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FEMS Microbiol Ecol. 2016 May;92(5):fiw057. doi: 10.1093/femsec/fiw057. Epub 2016 Mar 13.

Isolation of 'Candidatus Nitrosocosmicus franklandus', a novel ureolytic soil archaeal ammonia oxidiser with tolerance to high ammonia concentration.

Author information

1
Institute of Biological and Environmental Sciences, Cruickshank Building, St Machar Drive, University of Aberdeen, Aberdeen AB24 3UU, UK.
2
Institute of Biological and Environmental Sciences, Cruickshank Building, St Machar Drive, University of Aberdeen, Aberdeen AB24 3UU, UK j.prosser@abdn.ac.uk.

Abstract

Studies of the distribution of ammonia oxidising archaea (AOA) and bacteria (AOB) suggest distinct ecological niches characterised by ammonia concentration and pH, arising through differences in substrate affinity and ammonia tolerance. AOA form five distinct phylogenetic clades, one of which, the 'Nitrososphaera sister cluster', has no cultivated isolate. A representative of this cluster, named 'Candidatus Nitrosocosmicus franklandus', was isolated from a pH 7.5 arable soil and we propose a new cluster name:'Nitrosocosmicus' While phylogenetic analysis of amoA genes indicates its association with the Nitrososphaera sister cluster, analysis of 16S rRNA genes provided no support for a relative branching that is consistent with a 'sister cluster', indicating placement within a lineage of the order Nitrososphaerales 'Ca.N. franklandus' is capable of ureolytic growth and its tolerances to nitrite and ammonia are higher than in other AOA and similar to those of typical soil AOB. Similarity of other growth characteristics of 'Ca.N. franklandus' with those of typical soil AOB isolates reduces support for niche differentiation between soil AOA and AOB and suggests that AOA have a wider physiological diversity than previously suspected. In particular, the high ammonia tolerance of 'Ca.N. franklandus' suggests potential contributions to nitrification in fertilised soils.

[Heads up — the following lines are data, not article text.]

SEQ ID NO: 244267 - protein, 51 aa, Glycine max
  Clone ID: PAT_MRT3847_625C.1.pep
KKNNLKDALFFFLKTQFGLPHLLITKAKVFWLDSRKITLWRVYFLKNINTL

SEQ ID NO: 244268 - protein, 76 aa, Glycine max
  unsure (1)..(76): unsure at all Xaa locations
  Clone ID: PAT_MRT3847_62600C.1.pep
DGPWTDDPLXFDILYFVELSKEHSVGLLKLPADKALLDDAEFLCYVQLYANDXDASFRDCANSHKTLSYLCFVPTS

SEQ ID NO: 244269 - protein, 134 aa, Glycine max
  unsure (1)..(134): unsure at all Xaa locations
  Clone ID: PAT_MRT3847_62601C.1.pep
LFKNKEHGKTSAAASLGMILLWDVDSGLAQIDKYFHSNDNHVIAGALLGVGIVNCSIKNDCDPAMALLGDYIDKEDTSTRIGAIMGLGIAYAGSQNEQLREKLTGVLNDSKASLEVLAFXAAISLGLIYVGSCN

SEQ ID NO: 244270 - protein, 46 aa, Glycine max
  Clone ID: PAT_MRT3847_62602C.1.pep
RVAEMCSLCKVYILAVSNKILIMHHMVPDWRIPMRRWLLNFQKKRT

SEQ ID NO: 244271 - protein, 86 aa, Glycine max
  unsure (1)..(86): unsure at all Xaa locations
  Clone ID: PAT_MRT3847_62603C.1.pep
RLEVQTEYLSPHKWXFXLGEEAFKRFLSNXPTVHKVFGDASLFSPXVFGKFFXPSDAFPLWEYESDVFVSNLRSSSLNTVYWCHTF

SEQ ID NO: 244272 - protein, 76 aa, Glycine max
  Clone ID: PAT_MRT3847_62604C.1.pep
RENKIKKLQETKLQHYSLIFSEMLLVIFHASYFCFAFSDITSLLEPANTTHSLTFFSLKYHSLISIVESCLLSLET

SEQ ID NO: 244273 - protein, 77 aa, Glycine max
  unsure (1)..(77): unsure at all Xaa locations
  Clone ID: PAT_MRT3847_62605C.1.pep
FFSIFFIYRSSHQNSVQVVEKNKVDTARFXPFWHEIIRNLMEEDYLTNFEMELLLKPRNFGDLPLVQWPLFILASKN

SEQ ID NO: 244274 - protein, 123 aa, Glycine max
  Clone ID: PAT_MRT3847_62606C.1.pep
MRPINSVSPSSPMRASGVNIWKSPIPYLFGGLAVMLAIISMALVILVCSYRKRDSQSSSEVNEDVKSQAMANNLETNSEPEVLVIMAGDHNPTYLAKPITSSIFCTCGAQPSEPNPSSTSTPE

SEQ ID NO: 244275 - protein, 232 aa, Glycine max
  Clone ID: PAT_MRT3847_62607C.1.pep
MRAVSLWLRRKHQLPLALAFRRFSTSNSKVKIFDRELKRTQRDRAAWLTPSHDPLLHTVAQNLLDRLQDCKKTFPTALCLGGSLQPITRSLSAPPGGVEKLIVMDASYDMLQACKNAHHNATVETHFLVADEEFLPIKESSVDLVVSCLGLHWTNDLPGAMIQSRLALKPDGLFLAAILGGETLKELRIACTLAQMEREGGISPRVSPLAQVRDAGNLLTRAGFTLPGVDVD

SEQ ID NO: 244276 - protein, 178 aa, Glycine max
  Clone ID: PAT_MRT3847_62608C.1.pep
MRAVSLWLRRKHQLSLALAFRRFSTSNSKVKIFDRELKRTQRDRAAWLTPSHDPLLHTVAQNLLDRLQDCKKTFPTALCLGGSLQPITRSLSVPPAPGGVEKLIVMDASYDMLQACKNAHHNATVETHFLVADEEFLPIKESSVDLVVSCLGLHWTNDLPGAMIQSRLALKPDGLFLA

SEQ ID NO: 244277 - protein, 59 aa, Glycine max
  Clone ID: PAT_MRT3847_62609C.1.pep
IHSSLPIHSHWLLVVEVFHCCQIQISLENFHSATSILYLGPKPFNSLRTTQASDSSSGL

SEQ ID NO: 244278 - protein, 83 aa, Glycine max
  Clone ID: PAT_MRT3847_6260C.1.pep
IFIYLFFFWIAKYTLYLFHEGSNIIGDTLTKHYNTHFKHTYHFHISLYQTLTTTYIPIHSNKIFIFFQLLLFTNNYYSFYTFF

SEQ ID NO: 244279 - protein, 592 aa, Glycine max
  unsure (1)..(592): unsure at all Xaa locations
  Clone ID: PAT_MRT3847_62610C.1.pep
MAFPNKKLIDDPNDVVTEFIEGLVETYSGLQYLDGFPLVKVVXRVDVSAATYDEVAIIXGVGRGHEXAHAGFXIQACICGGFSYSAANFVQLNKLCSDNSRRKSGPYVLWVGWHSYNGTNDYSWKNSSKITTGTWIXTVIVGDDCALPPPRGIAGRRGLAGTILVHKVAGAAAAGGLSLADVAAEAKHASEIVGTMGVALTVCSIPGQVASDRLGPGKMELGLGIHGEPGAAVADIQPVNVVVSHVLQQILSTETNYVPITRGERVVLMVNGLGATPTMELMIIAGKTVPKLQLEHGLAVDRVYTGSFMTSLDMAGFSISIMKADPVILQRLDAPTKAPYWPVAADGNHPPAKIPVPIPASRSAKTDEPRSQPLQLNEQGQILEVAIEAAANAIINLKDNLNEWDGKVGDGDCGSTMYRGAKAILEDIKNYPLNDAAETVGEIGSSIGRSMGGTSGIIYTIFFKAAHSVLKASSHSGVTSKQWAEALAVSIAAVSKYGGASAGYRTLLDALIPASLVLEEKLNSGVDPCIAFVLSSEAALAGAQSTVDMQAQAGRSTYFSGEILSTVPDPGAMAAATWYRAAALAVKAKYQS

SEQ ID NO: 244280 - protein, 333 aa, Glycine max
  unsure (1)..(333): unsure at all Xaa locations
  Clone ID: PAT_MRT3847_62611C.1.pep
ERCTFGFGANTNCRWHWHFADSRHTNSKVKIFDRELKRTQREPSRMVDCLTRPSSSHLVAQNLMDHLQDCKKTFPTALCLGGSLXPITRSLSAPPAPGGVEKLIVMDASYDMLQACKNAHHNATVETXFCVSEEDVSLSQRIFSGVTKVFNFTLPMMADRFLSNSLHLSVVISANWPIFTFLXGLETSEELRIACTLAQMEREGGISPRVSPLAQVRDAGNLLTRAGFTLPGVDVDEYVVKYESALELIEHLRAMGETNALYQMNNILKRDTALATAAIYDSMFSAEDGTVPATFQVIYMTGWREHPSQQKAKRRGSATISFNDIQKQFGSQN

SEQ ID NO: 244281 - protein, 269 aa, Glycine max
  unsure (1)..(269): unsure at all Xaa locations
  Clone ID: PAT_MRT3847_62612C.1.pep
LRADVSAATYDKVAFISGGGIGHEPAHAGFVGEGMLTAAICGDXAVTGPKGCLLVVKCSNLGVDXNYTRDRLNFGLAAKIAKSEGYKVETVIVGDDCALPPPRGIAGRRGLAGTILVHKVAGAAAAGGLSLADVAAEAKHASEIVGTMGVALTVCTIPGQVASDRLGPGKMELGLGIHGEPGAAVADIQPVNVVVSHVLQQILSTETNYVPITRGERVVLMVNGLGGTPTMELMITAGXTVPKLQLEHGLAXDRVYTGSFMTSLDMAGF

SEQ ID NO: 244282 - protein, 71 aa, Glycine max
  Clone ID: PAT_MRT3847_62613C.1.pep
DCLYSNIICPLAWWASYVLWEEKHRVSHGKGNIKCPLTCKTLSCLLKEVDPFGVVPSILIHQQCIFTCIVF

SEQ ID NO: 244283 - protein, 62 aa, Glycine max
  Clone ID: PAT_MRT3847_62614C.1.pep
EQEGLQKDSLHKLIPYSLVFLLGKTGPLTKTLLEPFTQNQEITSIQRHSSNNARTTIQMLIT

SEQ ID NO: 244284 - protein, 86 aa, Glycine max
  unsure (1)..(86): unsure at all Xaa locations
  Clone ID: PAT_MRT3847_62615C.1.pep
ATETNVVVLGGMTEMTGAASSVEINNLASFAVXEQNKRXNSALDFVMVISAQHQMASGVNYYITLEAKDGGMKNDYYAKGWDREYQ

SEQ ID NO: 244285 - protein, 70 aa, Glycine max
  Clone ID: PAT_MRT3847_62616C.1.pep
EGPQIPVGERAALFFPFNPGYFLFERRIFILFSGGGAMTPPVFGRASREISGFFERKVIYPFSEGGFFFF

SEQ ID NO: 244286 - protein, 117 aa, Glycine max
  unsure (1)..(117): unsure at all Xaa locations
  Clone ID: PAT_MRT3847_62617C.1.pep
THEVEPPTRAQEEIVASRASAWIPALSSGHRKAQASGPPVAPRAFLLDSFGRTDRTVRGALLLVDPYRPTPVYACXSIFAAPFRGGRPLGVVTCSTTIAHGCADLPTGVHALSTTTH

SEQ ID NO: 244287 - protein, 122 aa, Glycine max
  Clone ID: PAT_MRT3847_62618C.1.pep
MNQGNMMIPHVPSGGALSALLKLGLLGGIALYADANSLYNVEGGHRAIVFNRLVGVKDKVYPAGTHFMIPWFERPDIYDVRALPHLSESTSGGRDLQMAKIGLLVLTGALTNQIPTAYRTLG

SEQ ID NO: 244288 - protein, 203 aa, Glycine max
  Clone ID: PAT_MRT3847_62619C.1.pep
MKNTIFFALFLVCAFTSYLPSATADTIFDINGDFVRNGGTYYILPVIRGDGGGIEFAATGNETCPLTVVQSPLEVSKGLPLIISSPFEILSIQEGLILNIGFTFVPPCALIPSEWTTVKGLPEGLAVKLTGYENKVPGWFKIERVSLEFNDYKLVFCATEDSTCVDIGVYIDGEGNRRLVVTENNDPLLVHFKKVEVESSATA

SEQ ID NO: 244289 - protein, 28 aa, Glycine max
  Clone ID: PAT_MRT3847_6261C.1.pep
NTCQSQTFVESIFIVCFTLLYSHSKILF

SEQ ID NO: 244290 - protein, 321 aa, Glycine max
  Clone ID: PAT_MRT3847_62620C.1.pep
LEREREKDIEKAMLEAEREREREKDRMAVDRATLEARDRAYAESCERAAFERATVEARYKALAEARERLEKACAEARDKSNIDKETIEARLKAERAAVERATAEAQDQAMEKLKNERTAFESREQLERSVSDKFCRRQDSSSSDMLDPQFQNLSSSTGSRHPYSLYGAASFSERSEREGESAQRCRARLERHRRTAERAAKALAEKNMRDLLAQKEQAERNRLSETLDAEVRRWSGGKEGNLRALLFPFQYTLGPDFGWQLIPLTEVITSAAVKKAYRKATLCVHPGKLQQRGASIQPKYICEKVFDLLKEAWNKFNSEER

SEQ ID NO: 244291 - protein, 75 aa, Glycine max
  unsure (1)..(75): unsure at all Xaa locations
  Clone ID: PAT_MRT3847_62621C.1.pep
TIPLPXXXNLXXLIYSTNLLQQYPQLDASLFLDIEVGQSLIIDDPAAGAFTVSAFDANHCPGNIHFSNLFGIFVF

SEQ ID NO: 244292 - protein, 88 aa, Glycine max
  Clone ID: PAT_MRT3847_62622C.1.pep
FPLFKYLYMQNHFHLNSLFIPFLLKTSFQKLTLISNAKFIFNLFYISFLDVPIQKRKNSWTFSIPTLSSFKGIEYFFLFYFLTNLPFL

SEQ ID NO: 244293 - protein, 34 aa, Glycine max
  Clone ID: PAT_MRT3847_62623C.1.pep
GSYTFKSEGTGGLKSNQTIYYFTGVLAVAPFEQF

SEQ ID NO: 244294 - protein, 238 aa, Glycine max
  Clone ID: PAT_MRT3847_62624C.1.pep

KEYWORDS:

Nitrosocosmicus; Nitrososphaera sister cluster; Thaumarchaeota; ammonia inhibition; nitrification; soil

PMID:
26976843
PMCID:
PMC4830249
DOI:
10.1093/femsec/fiw057
[Indexed for MEDLINE]
Free PMC Article

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